Once I saw that Farmer’s Son would have to be self-published, I sent galleys to all the prominent dyslexics I could locate. I also sent copies to the heads of all the specialized high schools in the United States. Many read the book right away and kindly offered praise blurbs, which are collected at the front. I am eternally grateful to them. One educator even assigned Farmer’s Son to all the students in her high school as required reading this past summer!
Bestselling author David Baldacci, who I did not know personally at the outset, read Farmer’s Son and graciously gave me a marvelous quote. He is actively involved in literacy through his extraordinary Wish You Well Foundation, and I am so thankful for his encouragement. Singer/songwriter Jewel, who is dyslexic, also said wonderful things, even tweeting about the book, and I have never met her. The same is true for Governor Kean (Chairman of the 9/11 Commission) and Governor Caperton (former President of the College Board), as well as many others. I can never thank them enough.
My writing mentor, the inimitable Robert Bausch, encouraged me from the outset. Bestselling author Brad Meltzer, too, tweeted about Farmer’s Son. I am in their debt.
GENEVIEVE: Going along with the last question, more on finding reviews and endorsers--how have you worked to get the word out about Farmer's Son?
LASATER: I sent Farmer’s Son to Underground Book Reviews!
I also submitted it to Publishers Weekly, which fortunately gave it a great review. In addition, I’m on social media with NELasater.com, @NELasater1 on Twitter and Farmer’s Son Book on Facebook. I’ve also provided copies to dyslexia advocacy groups. When you self-publish, you have to do your own marketing!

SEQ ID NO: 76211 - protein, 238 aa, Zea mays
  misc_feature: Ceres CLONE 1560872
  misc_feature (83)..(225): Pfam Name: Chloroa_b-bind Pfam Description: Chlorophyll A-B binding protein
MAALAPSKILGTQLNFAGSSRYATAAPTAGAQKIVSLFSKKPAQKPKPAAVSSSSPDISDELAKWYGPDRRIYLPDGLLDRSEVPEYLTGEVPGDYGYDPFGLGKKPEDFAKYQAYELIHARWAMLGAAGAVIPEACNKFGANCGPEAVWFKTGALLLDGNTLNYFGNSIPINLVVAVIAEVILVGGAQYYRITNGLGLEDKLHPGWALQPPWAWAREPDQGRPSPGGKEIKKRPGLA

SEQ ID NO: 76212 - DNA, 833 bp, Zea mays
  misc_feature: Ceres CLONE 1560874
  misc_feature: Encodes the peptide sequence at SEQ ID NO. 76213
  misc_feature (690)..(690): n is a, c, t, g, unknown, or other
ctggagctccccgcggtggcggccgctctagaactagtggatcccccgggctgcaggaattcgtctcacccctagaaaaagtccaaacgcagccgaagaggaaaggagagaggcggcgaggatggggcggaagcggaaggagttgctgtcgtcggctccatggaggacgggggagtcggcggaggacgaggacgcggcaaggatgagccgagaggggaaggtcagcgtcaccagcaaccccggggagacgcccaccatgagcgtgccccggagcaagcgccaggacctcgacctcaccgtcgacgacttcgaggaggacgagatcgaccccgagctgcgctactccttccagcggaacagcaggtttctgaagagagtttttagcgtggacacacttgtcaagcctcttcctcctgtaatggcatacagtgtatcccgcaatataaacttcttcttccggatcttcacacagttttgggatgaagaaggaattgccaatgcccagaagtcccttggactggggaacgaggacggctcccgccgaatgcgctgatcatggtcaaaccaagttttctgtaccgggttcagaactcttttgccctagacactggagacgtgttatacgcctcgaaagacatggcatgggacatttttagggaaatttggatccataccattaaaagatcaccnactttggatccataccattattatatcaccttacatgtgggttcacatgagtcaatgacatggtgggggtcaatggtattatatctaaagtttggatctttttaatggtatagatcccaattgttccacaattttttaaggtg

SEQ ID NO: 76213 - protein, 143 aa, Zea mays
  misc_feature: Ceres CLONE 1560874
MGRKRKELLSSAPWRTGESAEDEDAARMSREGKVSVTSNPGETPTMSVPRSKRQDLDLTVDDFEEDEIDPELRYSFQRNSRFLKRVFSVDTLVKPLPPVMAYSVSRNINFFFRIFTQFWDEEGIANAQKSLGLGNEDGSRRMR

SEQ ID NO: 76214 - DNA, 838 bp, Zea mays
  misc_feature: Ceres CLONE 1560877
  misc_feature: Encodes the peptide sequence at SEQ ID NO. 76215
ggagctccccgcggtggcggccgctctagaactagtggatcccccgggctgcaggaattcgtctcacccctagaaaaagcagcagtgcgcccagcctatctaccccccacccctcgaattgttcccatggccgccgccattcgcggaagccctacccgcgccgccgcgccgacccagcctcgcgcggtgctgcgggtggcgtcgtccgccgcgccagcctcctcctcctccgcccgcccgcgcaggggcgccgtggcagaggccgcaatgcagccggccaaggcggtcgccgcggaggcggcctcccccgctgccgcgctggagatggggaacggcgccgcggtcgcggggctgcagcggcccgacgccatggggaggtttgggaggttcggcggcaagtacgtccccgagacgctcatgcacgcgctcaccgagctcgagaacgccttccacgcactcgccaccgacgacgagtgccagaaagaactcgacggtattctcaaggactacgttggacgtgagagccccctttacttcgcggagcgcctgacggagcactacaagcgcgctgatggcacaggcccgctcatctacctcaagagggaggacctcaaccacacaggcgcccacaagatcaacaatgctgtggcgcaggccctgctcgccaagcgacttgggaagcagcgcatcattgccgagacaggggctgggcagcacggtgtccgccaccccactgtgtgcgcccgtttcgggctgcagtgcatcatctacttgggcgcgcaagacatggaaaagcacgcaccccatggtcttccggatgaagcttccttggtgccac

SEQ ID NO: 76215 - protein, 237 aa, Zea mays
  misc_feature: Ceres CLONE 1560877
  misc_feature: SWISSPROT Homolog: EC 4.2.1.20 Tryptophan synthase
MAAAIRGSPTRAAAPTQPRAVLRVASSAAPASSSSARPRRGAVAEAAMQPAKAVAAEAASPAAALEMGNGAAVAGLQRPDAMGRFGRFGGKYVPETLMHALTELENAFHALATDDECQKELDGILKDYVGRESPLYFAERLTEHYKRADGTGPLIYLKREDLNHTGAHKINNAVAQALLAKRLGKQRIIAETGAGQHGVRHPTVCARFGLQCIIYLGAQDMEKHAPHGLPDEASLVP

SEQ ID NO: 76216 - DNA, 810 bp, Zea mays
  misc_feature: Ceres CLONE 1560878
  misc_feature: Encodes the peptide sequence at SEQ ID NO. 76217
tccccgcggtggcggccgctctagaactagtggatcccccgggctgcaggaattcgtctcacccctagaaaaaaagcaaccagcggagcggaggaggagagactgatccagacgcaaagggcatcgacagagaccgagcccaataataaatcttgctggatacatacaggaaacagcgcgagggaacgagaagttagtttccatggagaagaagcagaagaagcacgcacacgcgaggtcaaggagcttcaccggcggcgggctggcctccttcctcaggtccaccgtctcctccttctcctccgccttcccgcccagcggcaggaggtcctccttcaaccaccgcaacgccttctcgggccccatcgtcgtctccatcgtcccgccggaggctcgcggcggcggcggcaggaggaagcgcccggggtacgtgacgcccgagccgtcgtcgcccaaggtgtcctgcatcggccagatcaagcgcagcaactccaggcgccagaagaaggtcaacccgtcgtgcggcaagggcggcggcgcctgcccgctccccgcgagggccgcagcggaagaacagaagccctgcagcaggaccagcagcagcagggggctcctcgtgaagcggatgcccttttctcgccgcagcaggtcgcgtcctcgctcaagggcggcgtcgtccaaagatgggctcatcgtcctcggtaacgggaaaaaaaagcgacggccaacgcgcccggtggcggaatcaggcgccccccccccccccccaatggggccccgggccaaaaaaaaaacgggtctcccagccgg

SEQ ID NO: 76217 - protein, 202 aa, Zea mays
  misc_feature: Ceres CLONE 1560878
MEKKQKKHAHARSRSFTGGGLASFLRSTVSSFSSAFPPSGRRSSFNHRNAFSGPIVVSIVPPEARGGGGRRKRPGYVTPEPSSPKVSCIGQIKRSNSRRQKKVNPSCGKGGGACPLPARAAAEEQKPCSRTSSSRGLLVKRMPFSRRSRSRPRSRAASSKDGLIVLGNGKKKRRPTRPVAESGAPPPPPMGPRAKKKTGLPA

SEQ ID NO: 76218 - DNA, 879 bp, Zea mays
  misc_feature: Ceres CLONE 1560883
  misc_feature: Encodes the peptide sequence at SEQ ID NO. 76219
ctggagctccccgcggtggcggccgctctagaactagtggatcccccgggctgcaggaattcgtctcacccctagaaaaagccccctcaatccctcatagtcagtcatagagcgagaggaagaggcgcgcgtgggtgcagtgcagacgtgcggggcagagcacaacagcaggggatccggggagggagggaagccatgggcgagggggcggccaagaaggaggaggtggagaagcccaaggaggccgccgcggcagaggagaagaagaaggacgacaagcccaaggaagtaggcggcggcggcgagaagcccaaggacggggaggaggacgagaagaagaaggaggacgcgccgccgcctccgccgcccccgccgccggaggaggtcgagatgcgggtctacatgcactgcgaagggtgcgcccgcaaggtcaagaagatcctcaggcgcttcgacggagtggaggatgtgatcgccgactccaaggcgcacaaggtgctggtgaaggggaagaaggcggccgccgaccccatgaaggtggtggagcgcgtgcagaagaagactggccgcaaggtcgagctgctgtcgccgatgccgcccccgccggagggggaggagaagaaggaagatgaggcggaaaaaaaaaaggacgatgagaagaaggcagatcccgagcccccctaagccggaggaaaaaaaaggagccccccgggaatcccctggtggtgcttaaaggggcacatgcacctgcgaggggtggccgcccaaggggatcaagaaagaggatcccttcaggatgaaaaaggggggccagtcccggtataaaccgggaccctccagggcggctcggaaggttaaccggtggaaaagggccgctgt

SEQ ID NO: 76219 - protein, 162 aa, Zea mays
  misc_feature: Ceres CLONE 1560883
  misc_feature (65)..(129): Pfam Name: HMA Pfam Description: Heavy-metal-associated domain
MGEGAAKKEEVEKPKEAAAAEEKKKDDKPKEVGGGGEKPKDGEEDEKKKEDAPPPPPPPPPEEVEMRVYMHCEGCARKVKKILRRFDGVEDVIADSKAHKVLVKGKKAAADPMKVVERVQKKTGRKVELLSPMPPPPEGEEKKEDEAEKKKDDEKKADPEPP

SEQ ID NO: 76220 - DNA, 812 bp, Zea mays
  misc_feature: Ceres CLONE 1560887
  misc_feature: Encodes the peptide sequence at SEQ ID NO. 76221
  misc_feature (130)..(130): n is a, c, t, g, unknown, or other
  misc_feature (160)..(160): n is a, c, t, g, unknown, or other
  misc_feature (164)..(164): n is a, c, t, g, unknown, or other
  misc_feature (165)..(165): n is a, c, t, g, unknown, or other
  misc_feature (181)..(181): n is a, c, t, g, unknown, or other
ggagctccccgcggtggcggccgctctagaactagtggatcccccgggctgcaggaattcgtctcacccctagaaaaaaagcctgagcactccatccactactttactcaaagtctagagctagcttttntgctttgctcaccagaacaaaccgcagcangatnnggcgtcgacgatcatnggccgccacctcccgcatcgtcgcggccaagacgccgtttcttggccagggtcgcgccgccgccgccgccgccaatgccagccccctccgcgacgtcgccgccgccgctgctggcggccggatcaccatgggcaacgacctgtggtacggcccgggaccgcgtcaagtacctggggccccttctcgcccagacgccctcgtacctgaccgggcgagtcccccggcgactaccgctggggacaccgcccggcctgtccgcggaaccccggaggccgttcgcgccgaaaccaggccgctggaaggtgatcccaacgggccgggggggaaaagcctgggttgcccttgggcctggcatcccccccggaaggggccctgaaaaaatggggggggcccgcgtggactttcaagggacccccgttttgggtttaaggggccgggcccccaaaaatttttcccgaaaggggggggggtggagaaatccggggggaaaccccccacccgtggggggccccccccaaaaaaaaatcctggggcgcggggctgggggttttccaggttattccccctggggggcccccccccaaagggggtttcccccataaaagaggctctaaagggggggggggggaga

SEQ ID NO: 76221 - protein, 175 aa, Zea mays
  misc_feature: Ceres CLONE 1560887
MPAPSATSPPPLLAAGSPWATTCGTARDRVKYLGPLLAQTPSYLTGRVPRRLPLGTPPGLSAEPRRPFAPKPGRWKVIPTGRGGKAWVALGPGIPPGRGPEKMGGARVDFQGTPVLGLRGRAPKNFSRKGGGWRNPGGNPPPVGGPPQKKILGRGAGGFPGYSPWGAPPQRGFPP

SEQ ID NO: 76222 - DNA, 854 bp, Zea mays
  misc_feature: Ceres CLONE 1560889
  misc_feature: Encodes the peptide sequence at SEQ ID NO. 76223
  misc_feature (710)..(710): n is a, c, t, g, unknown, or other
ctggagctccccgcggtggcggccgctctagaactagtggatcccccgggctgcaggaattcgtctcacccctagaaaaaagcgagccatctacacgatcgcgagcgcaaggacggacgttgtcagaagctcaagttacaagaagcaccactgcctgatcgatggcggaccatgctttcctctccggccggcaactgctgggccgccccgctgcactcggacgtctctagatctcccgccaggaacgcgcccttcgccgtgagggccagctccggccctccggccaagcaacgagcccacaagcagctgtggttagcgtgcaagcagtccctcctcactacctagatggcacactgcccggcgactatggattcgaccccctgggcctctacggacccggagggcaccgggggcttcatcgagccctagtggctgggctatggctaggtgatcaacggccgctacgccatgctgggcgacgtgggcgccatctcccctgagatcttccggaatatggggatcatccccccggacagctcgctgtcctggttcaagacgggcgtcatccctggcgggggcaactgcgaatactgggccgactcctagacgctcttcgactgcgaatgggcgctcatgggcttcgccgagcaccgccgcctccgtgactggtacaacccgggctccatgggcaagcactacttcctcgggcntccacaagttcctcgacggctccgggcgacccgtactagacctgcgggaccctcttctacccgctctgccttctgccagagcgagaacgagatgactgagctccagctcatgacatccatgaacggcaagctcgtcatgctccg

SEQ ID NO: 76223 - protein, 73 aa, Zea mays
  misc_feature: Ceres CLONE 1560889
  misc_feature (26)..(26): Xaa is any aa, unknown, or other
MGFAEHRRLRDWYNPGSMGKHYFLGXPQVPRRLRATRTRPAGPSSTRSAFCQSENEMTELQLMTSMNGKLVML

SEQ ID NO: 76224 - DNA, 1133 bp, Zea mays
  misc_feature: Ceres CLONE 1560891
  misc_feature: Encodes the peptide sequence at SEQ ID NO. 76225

If your readers have more suggestions, I’d love to hear them. Please drop me a note to NELasater@NELasater.com.
GENEVIEVE: Lastly, your writing style in Farmer's Son engages and captivates; it was a joy to read and review. I would love to read more by you--do you have any additional novels in the works?
LASATER: I’m so glad you enjoyed Farmer’s Son!
I’m currently writing my second novel, Alternate Ending, about a single woman’s dilemma when she’s caught between the conflicting demands of her elderly mother and her young-adult son. Many women are in that sandwich generation, and so many sacrifice themselves. This is a novel about making a different, liberating choice. I will finish it this year.
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Genevieve Shifke Ali is an Assistant Editor with an independent publishing house. She writes occasionally on her blog genevieveshifkeali.wordpress.com and can be found on Twitter @GShifkeAli.